You can make specific agreements with the management; this could include management responding to questions daily, communicating less by email, or writing a weekly blog in the form of a 'Look at the week'.
Implementing a social intranet requires a lot of expertise and input from different departments. Set up the project group, but don’t make the common mistake of limiting yourself to departments such as Communication, HR and IT. Take a look at the roles occupied by people outside the hierarchical organisational structure. Who are the most influential people? Who are the early adopters?
It’s something we all recognise; project members who have to go home earlier, project members who can’t free up time because of their 'real work', and team leaders with no time for project members because of sick leave or pressure in the department. All this puts your project at risk. To be a real team, you have to demand 100% commitment over a relatively short time.
How are you going to roll out the new intranet in your organisation? A big-bang event, or a small start with a limited group? Do you want everything in place before the launch, or are you going to introduce elements step by step? The roll-out strategy largely defines the length of your project and the time employees have to wait to see the new intranet for the first time. We are firm believers in small projects and taking small, regular steps forward.
Suppliers possess lots of knowledge and experience, but the trick is to be able to use it. We’ve seen that collaboration in this area can be erratic. This is frequently due to traditional ‘us & them’ ideas about customers and suppliers, or the way procurement or purchasing rules are interpreted. However, this is unnecessary. As long as you are transparent in what you request from different parties, you can achieve benefits in terms of your project and selection of supplier.
One disadvantage of only getting suppliers involved in your project at a late stage is that you sometimes have no idea about what can be achieved using a standard solution. We regularly encounter problems in the phasing of projects because the standard solution can do more than that described in procurement specifications.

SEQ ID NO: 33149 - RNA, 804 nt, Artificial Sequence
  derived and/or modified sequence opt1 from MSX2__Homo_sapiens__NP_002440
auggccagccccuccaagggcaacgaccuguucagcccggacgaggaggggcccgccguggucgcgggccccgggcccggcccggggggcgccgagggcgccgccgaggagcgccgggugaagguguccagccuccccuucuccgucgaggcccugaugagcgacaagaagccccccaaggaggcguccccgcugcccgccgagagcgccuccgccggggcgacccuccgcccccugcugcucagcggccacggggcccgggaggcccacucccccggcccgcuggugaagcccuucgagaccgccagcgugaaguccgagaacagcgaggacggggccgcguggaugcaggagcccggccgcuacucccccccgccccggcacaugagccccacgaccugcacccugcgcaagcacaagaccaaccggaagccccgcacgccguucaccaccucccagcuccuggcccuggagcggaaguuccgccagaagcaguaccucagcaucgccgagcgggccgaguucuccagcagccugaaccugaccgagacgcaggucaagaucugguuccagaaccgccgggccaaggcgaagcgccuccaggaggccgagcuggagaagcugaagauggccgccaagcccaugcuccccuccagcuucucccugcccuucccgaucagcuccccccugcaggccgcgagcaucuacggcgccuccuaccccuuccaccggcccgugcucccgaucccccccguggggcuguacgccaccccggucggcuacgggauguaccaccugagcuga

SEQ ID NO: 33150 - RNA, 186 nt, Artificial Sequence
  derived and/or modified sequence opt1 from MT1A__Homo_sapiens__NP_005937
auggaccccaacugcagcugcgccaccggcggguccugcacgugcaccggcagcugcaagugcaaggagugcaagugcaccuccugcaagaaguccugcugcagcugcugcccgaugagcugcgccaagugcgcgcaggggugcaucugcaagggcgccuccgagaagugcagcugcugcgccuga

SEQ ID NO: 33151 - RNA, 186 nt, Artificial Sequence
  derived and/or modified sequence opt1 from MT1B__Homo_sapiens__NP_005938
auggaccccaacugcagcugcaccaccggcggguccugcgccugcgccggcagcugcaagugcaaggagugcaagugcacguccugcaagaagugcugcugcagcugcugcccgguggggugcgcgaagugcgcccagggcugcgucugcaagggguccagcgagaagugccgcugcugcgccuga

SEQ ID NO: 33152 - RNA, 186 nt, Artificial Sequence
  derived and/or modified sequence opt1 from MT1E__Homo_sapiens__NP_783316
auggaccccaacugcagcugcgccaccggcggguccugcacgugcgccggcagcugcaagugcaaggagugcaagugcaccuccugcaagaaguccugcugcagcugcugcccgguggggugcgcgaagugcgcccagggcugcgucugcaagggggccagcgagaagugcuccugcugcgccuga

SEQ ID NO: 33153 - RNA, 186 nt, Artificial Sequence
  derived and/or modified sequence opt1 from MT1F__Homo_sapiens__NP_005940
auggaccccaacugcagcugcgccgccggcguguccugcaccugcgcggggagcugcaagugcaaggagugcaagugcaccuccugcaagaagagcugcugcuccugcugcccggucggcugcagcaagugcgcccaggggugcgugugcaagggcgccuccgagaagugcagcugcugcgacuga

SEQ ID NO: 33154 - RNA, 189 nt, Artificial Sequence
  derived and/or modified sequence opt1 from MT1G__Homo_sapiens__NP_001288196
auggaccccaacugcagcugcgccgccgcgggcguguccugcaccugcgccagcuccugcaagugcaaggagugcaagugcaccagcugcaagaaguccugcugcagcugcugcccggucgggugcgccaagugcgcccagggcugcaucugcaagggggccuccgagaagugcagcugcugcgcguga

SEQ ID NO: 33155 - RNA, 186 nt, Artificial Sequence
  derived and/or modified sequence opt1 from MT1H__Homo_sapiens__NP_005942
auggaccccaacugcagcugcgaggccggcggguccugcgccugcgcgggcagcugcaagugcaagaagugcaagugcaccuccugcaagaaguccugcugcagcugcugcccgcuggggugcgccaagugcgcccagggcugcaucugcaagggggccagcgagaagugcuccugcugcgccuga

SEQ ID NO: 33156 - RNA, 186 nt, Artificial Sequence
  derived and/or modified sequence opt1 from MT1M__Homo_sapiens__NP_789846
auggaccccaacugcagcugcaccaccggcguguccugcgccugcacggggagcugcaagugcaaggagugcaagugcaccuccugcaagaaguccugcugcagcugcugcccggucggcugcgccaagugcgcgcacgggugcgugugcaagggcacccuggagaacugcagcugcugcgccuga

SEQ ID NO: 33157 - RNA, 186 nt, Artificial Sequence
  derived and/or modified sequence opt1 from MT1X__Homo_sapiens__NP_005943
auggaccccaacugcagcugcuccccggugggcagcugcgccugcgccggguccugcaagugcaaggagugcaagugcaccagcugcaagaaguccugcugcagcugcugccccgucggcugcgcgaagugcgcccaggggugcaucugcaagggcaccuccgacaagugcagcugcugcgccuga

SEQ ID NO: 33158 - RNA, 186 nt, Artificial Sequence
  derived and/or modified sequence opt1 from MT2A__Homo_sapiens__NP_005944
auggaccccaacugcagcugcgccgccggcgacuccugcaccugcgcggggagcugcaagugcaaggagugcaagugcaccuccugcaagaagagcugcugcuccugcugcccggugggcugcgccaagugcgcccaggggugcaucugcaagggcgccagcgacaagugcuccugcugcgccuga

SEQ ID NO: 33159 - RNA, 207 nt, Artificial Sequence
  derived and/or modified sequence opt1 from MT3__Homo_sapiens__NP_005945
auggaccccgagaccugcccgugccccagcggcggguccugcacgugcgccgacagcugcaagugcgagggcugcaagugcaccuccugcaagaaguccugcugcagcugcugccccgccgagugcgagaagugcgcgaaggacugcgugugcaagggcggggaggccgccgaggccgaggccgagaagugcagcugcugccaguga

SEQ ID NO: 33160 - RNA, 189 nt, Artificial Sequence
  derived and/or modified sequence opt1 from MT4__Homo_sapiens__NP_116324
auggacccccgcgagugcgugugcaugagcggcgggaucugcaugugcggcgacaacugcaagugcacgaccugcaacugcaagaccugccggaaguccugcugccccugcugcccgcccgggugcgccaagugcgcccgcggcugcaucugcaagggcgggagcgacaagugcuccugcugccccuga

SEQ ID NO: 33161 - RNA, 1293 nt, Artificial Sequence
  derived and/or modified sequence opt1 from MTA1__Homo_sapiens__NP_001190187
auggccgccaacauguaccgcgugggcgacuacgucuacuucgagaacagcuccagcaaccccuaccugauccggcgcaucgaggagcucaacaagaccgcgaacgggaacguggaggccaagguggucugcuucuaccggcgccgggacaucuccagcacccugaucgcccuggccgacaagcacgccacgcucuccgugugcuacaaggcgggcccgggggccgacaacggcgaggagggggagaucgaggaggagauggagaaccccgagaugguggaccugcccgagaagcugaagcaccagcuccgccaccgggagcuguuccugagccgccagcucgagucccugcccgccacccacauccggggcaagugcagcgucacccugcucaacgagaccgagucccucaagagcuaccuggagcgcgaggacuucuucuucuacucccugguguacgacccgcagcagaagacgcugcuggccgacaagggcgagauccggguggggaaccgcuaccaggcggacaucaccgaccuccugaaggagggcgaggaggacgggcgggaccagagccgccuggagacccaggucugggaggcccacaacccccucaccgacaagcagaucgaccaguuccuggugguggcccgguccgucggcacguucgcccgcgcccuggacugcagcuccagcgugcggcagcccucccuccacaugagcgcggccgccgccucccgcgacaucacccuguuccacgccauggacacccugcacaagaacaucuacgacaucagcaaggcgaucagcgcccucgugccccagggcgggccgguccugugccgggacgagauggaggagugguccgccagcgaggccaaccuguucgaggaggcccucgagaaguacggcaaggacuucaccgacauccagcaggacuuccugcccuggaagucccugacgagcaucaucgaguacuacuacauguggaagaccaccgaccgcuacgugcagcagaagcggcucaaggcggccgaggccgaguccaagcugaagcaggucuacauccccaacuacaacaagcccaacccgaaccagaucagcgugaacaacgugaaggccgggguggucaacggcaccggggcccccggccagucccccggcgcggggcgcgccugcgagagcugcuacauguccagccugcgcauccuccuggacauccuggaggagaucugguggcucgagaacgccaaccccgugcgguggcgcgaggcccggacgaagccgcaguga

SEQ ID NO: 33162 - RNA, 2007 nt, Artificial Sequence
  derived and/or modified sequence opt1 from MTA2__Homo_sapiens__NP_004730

In your selection process, you can distinguish between a Request for Information (RFI) and the actual selection based on a Schedule of Requirements (SoR). Limiting yourself to a Schedule of Requirements can result in the context being unclear for the supplier. We also tend to answer all questions with a simple 'yes', if that seems necessary commercially.
We have noticed an increasing dependence on the opinions of end users when making the actual selection of a social intranet. This is often the result of the selection being based on a Program of Requirements and a Proof of Concept (PoC). A PoC is a supplier’s pilot software environment, which is used to demonstrate the performance of his product. The SoR covers the main specifications, while a PoC deals with the features offered.
End users can use the PoC and a number of specific assignments to test the various software packages, and determine their preferences. Some examples of assignments: ‘Create a team for an innovation group, and invite people’, ‘Extend your profile with your areas of knowledge’, or ‘Post a photo or video, and ask people to comment.'